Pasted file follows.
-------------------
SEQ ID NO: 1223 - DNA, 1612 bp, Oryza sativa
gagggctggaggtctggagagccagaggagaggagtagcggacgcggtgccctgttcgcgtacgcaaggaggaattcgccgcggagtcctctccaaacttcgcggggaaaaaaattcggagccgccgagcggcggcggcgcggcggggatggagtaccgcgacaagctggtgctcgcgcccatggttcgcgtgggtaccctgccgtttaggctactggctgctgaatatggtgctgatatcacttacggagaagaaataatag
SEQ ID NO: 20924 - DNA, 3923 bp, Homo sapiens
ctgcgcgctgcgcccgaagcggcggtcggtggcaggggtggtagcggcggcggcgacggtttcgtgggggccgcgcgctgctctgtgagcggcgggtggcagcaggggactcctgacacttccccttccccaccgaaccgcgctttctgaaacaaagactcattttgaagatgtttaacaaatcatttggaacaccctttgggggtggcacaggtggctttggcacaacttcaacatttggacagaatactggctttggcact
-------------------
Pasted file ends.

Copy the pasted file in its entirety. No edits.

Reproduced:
SEQ ID NO: 1223 - DNA, 1612 bp, Oryza sativa
gagggctggaggtctggagagccagaggagaggagtagcggacgcggtgccctgttcgcgtacgcaaggaggaattcgccgcggagtcctctccaaacttcgcggggaaaaaaattcggagccgccgagcggcggcggcgcggcggggatggagtaccgcgacaagctggtgctcgcgcccatggttcgcgtgggtaccctgccgtttaggctactggctgctgaatatggtgctgatatcacttacggagaagaaataatag
SEQ ID NO: 20924 - DNA, 3923 bp, Homo sapiens
ctgcgcgctgcgcccgaagcggcggtcggtggcaggggtggtagcggcggcggcgacggtttcgtgggggccgcgcgctgctctgtgagcggcgggtggcagcaggggactcctgacacttccccttccccaccgaaccgcgctttctgaaacaaagactcattttgaagatgtttaacaaatcatttggaacaccctttgggggtggcacaggtggctttggcacaacttcaacatttggacagaatactggctttggcact